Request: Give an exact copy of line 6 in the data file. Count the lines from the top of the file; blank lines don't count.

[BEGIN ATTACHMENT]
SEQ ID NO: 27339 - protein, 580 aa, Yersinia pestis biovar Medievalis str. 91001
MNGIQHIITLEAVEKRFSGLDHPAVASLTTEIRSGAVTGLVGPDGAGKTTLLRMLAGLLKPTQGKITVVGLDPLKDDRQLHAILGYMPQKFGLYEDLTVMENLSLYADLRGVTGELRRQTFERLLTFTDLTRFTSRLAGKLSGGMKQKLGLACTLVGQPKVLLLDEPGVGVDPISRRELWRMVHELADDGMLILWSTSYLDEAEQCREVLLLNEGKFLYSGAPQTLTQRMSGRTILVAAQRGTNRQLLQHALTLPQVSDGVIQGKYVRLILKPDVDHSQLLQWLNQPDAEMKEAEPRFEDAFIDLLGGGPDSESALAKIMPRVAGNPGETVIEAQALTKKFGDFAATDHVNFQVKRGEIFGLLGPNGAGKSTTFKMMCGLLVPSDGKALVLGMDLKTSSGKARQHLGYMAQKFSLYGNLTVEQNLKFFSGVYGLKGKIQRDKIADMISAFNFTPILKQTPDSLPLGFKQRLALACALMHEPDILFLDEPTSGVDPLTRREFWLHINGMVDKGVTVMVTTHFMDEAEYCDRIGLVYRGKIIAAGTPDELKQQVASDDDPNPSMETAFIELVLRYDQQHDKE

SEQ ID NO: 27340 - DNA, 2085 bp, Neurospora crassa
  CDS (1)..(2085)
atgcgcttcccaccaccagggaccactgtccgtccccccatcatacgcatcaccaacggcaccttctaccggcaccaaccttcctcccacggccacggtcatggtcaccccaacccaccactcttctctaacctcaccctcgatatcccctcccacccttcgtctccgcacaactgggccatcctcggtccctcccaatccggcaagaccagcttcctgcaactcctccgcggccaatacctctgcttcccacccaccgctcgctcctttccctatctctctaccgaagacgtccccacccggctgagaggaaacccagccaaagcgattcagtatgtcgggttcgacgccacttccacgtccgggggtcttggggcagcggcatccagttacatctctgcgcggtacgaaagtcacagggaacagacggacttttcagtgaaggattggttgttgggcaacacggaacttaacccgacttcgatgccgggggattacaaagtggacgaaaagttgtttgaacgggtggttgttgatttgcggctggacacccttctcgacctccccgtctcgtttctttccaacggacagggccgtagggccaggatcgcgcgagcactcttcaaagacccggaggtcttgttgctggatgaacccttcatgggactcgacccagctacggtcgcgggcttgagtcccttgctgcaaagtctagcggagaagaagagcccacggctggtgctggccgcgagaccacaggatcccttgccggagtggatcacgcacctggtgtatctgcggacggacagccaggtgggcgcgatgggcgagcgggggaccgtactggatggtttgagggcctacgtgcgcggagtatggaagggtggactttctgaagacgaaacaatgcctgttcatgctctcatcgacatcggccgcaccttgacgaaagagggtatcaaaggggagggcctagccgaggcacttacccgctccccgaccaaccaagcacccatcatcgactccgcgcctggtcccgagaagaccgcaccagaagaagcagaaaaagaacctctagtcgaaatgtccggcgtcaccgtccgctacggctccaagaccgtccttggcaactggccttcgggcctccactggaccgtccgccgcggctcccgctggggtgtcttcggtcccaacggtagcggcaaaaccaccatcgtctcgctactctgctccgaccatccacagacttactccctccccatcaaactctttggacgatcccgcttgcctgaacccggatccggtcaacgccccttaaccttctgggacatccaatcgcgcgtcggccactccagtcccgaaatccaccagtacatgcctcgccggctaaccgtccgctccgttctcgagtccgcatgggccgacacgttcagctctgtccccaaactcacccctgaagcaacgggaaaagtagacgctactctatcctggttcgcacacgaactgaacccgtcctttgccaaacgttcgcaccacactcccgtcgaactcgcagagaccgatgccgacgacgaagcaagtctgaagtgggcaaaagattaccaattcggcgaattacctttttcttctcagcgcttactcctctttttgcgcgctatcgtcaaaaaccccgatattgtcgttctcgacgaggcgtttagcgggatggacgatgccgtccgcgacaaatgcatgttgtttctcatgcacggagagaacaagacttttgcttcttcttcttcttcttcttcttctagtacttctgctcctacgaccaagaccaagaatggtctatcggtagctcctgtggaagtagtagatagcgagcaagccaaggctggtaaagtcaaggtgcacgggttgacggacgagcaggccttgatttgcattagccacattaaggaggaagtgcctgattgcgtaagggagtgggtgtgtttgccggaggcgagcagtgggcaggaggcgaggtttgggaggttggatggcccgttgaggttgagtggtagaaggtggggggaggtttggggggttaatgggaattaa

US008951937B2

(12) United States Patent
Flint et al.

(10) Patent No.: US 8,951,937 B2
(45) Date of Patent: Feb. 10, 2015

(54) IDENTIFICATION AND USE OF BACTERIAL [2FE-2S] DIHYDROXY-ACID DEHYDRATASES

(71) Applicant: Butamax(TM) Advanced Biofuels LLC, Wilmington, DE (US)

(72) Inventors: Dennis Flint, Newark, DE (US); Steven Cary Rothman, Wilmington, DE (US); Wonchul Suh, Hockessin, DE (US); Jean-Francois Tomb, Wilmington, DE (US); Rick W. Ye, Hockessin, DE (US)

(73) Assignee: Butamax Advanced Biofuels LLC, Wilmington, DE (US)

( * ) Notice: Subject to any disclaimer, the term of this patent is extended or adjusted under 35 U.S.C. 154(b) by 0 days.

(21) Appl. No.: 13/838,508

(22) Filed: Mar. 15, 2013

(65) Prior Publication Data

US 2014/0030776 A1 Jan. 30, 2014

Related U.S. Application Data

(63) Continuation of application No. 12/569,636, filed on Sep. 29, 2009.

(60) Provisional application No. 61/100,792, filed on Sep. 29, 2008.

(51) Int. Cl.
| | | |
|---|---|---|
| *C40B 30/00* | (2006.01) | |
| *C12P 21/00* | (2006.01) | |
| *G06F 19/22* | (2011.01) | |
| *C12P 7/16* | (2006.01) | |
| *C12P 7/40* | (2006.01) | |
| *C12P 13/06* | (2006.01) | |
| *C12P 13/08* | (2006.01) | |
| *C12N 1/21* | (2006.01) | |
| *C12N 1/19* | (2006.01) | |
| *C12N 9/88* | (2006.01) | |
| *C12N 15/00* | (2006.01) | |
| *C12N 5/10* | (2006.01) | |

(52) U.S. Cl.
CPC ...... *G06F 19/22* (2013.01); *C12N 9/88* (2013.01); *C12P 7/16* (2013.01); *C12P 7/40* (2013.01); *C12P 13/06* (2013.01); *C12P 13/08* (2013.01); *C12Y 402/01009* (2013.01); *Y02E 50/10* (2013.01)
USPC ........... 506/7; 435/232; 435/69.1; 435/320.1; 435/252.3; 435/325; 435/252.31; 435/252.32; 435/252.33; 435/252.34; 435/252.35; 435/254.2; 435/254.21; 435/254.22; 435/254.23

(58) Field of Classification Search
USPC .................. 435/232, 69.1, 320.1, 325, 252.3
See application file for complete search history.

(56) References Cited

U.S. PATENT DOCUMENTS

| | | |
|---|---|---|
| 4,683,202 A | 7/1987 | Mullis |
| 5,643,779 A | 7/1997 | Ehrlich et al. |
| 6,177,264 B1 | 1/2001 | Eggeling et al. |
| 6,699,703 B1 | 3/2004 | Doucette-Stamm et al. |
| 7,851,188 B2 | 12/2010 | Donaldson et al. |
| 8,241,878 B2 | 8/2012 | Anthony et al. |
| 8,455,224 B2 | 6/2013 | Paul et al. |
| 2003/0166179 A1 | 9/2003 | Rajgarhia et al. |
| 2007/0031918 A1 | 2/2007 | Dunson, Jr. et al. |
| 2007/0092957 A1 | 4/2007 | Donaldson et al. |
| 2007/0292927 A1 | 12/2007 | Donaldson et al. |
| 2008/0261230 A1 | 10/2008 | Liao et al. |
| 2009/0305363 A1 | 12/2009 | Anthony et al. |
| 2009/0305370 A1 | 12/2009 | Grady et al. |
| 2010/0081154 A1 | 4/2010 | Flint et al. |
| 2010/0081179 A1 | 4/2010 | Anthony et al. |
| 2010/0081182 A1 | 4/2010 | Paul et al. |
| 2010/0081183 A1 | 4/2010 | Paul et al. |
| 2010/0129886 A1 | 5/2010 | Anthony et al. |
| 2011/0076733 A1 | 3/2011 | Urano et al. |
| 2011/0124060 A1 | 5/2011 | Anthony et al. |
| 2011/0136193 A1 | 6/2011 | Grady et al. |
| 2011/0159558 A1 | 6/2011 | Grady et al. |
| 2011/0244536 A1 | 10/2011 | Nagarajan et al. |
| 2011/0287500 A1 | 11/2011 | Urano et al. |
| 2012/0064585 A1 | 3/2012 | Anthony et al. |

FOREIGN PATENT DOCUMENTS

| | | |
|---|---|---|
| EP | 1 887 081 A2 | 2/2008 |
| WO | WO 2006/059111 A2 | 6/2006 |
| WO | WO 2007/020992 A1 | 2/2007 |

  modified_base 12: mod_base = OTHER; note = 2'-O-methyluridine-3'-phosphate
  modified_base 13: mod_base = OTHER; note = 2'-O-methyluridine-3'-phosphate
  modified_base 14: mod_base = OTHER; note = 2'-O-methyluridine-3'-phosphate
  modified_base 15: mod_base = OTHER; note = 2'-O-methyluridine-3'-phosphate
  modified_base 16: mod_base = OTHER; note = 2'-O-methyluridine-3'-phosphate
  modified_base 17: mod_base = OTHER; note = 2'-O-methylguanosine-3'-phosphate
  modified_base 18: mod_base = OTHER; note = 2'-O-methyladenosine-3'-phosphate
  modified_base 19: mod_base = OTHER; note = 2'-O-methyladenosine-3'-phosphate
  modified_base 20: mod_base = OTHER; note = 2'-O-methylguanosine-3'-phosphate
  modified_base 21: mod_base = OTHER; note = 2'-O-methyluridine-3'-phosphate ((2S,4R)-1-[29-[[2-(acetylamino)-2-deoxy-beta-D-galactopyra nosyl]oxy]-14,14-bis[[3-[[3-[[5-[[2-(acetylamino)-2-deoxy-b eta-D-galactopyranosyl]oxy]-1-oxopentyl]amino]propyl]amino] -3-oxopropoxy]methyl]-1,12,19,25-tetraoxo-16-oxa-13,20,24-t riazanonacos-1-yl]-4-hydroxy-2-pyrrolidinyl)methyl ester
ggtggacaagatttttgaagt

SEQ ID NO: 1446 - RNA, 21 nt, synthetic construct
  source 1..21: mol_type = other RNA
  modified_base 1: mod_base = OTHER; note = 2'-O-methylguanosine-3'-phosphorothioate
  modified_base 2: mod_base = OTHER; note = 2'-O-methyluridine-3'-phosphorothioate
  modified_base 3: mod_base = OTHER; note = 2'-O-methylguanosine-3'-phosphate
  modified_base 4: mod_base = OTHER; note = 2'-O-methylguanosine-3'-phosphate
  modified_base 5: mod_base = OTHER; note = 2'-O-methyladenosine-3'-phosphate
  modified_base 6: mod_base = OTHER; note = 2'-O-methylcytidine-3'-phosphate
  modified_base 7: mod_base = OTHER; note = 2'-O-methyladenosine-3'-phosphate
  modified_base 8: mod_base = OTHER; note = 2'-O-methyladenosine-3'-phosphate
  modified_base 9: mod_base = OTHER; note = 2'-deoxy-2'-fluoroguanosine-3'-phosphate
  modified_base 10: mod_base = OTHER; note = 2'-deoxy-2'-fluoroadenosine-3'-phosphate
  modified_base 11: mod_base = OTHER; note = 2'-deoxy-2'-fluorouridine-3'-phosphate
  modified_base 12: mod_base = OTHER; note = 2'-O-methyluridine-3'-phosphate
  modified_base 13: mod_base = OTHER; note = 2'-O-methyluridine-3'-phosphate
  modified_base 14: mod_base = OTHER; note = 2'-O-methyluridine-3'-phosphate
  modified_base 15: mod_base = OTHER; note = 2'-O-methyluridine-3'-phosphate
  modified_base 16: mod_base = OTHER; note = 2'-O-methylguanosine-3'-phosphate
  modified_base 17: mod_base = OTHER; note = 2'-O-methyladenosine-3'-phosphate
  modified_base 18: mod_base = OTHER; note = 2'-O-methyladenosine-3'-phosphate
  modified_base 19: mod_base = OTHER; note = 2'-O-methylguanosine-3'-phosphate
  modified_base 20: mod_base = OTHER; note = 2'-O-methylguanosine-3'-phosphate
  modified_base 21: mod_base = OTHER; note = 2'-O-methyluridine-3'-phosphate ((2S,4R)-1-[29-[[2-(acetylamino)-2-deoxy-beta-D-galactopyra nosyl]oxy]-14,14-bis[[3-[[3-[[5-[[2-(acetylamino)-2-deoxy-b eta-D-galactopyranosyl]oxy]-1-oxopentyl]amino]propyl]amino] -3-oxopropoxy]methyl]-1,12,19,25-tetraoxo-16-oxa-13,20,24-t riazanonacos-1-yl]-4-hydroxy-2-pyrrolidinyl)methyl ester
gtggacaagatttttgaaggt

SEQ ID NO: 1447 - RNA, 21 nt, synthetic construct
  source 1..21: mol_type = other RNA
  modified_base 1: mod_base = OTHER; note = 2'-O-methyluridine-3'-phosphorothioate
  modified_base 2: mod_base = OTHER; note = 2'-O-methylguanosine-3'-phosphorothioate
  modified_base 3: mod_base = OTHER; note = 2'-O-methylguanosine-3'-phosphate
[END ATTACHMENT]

US008951937B2